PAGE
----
The heroes are heroic in spite of constant screw-ups and curve balls. Much in the tradition of Indiana Jones in Raiders of the Lost Ark, the heroes aren’t compelling because they win all the time, but how they deal with losing. And they get very inventive at trying not to lose. The fact that the very first episode shows the main hero thinking his way out of the episode’s dilemma is refreshing (though he proves to be quite adept with a pulse pistol).

The stories keep moving. They pack what might have made for an older TV show’s two-parter into a lean 45 minutes — and their three parters were usually wondrous. Just as you’re thinking “what if they…?” they go ahead and do it. It’s like the writers wanted to cut to the chase and get all the ideas on screen while they still could. Viewers of Castle in its prime as well as the best of Agents of S.H.I.E.L.D. will recognize this breakneck pace. It’s exhilarating.

So there you have it. It’s sadly no longer on streaming Netflix nor Amazon Prime, but it is available on DVD via Netflix (I’m not the only one who uses that, right?)

Update: a filmmaker friend passed along this video extolling the virtues of Farscape:

Questions of Quality and Quantity in Prestige TV

So now that summer is over, including that show with the dragons, you may be wondering, “What shows are actually coming back this year?”

Jen Trolio and Caroline Framke over at Vox have answers.

This is one of those perennial Vox pieces I’m glad they do every year, because there’s a lot of shows. In fact, some might say there’s a glut of shows out there, which has led to occasional questions of whether we’re at “peak TV.”

Incidentally, I previously linked to a piece discussing what “peak TV” might mean anyway, but I find the way Variety tracks it is works for me: the number of scripted series. The concern, then, is not necessarily that we would exhaust the supply of talented storytellers making the various series, but that the series become so numerous that too many of them fail to find an audience and economic security (i.e., continued survival).

Todd VanDerWerff explores this more in-depth (also in Vox), including both the cyclical nature of notions of TV being horrible and then wonderful as well as the ways in which the quantity of media coverage on a particular TV show does not necessarily track to its quality.

Cable Defeats Cord Cutters?!?

On my Twitter feed, I frequently use the hashtag “#futureTV,” because I’m borderline obsessed with how TV is transforming, both in terms of how it’s getting made and how it’s being viewed (or “consumed” if you want to be extra biz-speaky).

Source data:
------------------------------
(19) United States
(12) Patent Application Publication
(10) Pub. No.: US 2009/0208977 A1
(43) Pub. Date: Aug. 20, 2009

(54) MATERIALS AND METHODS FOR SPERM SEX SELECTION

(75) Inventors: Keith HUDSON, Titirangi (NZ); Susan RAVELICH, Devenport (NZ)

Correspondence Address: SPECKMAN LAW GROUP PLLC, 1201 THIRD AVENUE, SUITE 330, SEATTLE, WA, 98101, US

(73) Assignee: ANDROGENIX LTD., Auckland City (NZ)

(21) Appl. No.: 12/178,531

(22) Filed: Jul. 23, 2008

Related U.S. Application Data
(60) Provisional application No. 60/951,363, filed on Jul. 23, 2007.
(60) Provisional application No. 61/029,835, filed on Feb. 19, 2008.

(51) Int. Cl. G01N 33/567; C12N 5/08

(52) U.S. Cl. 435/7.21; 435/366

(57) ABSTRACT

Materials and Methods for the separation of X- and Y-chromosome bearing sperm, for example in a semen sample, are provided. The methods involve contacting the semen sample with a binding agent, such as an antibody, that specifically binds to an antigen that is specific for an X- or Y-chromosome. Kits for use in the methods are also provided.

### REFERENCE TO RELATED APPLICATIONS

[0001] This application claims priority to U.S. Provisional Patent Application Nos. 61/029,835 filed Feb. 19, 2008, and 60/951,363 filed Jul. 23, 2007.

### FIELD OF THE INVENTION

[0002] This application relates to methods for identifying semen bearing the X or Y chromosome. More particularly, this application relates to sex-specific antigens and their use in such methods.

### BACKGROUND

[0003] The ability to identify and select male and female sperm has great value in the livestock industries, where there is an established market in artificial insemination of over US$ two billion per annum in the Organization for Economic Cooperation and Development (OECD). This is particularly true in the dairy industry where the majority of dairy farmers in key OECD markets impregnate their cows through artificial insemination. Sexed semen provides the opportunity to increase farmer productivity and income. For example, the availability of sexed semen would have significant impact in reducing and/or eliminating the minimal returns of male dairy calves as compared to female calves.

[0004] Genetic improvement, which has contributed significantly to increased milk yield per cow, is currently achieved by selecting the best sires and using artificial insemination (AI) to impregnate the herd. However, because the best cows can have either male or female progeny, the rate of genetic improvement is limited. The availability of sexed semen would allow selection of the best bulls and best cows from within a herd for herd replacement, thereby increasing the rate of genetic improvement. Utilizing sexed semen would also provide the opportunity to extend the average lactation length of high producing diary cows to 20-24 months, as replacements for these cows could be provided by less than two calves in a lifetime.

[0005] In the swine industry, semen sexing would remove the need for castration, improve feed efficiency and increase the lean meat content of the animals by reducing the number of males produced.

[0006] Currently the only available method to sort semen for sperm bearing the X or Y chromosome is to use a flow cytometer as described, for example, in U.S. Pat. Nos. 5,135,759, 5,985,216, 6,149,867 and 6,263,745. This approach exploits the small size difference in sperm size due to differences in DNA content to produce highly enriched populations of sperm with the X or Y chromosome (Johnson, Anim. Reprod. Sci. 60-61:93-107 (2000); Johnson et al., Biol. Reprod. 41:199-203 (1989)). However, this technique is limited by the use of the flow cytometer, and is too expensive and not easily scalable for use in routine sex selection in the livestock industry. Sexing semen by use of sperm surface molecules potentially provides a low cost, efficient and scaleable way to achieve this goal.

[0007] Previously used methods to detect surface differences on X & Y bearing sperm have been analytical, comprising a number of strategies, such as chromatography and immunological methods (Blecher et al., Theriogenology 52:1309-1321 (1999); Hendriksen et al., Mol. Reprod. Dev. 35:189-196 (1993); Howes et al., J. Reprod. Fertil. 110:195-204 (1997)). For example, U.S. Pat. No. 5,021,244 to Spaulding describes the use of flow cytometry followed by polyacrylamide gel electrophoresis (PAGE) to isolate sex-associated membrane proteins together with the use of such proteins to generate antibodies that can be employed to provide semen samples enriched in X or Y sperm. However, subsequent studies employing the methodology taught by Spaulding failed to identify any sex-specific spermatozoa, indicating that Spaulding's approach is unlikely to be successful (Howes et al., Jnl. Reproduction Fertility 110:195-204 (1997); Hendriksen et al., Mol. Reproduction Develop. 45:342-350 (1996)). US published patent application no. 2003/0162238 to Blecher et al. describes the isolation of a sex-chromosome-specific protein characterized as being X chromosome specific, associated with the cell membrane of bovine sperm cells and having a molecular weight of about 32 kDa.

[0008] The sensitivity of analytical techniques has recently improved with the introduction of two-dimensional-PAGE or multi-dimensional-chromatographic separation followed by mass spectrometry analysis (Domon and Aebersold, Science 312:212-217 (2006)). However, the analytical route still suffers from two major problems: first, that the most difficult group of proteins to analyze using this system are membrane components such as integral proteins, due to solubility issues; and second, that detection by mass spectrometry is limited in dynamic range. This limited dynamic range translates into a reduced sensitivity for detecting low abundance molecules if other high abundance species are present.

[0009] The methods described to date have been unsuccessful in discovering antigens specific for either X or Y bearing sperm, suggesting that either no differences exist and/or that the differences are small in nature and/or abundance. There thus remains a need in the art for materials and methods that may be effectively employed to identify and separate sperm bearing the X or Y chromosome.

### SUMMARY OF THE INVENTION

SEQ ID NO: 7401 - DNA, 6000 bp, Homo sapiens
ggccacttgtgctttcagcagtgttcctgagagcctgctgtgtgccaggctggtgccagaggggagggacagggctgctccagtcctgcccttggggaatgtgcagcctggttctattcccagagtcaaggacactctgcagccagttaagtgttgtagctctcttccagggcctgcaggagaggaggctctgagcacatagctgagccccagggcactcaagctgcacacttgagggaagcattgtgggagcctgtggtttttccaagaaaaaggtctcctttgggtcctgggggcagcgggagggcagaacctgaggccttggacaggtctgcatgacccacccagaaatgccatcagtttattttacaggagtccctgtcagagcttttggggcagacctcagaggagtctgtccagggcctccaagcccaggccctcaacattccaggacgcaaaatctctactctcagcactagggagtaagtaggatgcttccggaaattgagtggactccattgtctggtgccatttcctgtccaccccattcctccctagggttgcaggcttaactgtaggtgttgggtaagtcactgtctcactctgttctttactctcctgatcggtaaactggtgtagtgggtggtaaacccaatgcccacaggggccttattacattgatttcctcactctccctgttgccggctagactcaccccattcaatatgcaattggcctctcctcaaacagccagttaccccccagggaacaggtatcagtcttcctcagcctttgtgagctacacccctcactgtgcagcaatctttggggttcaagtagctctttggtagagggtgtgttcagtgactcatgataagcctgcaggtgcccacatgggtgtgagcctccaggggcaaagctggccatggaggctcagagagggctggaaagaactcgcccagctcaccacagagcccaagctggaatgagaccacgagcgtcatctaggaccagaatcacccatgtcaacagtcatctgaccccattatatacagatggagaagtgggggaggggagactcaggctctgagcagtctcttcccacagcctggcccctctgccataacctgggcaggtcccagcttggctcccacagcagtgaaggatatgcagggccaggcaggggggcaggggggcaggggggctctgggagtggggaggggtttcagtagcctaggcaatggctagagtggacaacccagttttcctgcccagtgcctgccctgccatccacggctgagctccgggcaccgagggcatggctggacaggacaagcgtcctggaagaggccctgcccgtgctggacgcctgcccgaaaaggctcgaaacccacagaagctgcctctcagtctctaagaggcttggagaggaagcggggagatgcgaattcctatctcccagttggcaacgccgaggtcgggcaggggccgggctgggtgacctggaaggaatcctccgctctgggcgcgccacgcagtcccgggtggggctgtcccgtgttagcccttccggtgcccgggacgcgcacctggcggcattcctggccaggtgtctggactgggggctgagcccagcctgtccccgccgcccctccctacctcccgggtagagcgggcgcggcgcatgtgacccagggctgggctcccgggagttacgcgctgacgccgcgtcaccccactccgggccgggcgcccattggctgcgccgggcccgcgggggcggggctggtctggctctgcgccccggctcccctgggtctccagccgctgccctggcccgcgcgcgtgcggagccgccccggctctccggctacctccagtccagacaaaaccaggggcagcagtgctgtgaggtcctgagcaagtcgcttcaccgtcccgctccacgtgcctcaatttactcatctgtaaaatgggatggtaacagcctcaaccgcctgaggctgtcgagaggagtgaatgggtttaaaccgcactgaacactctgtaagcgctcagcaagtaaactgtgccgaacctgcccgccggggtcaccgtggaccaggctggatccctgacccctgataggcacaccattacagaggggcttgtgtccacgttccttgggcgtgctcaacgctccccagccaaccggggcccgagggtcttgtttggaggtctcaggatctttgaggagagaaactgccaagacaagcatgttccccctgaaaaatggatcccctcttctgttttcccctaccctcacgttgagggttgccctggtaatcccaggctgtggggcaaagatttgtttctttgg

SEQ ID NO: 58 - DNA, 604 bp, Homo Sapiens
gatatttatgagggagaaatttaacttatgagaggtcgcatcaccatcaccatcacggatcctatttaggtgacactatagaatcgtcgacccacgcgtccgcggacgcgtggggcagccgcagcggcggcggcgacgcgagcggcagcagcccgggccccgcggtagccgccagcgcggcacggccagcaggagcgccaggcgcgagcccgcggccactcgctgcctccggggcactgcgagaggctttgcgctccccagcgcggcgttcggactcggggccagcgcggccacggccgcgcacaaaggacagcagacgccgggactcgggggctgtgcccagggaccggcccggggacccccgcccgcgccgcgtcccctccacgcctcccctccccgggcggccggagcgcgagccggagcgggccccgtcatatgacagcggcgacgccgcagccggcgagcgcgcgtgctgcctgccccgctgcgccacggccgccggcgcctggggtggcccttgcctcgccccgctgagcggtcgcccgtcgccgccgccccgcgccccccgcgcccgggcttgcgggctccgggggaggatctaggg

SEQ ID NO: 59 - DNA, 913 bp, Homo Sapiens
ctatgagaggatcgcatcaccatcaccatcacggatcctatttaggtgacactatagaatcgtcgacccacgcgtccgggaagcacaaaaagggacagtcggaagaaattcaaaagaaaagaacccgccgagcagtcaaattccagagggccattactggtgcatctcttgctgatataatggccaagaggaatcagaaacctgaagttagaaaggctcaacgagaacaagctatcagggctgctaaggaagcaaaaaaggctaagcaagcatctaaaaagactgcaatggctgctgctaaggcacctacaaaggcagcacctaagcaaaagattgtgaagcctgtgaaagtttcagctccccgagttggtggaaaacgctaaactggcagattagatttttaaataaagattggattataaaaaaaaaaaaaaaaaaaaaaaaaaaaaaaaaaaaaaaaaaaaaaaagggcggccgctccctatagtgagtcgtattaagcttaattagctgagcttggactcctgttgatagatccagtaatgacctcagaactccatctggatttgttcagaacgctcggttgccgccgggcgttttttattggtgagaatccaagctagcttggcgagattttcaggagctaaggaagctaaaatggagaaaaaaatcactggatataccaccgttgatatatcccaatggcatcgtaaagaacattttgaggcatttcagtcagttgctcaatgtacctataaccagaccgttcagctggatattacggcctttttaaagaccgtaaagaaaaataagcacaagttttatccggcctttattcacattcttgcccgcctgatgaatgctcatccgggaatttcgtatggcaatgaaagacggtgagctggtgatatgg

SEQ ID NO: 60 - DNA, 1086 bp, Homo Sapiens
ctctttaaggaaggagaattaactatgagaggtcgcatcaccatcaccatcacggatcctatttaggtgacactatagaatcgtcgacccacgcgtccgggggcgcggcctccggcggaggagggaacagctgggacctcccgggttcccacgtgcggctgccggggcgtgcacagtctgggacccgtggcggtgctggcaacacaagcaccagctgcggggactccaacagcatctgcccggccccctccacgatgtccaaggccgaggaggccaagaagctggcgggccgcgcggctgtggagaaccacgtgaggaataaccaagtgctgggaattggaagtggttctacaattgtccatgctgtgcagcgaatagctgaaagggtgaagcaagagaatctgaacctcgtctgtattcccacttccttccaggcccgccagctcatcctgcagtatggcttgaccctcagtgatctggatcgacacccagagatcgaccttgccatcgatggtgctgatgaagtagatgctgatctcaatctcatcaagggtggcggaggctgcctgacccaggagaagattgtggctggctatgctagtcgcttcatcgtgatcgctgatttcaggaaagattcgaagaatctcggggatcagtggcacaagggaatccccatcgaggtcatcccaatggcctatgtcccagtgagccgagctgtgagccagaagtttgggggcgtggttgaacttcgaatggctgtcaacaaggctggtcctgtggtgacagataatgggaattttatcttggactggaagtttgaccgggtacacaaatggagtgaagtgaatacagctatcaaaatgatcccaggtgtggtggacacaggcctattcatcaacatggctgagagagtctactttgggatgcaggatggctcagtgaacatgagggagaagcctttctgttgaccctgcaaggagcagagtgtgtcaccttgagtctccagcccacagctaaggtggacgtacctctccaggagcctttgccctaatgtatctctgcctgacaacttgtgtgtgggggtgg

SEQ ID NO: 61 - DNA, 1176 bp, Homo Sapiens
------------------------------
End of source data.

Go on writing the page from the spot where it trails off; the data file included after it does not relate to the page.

So this past holiday weekend, while our Netflix connection seemed to strain under the weight people travelling to Stars Hollow, I re-read Todd VanDerWerff’s piece in Vox about how Netflix –and cord cutting in general– will fail. Cable will win.

Fine, 2016. Give me a paper cut and pour lemon juice on it, why doncha?

Kenneth Ziffren in the Hollywood Reporter delves in deeper on the numbers side of things to explain why he thinks “skinny bundles” are not going to survive on their lonesome… and that many of these new content sources can only work by being “additive” to the existing albeit evolving TV infrastructure. I suppose skeptics might point out that Mr. Ziffren –one of the founders of media law firm Ziffren Brittenham— might have an interested in maintaining the media status quo. And I’m sure I’m not the only consumer who doesn’t care that “unbundling” and moving to an “a la carte” system could destroy $100 billion worth of market capitalization. But the financial powers that be surely care — and it might affect what we as consumers can watch (given my social media feeds, anything that interferes with future travels to Stars Hollow may be grounds for bloody revolution).

And finally, there’s this piece by David Sims in The Atlantic about how Disney and Fox have come to an agreement with Hulu to offer live TV via Hulu. Talk about the plot thickening.

In part, I still find it frustrating, because so much of the energy seems to be about establishing content fiefdoms that bigwigs hope will become the standard — or at least realize “attractive market capitalization” — as opposed to “offering a damn fine service that consumers love.”

I mean, I know the financiers don’t like to admit consumers want what they want when they want it, but it was ever thus.

It’s just now we know we can sometimes get it.

As the Dust Settles on a TV Season

I tweeted out Vox’s rundown of shows that were renewed, canceled, or ended via the Team J twitter a couple weeks ago, though it’s since been updated further.

Last Tuesday, they not only updated that list, but Todd VanDerWerff did a great rundown of the various reasons a show might get canceled. Within that explanation comes a great overview about how TV shows make money.

For those of us looking to understand the economics of making television, especially as we wander into the future of more streaming, it’s a great read.

Recommended Reading: The Rise and Fall of HBO?

I’ve been thinking about “Peak TV” and such from a couple of articles I talked about back in January. Of course, one of the issues with TV or any cinematic development is that you need something of a development pipeline.

As Walt Hickey’s article on FiveThirtyEight last week goes into, that might be one of the biggest issues facing HBO right now. Apparently, Game of Thrones may be shorter lived than some of us hoped.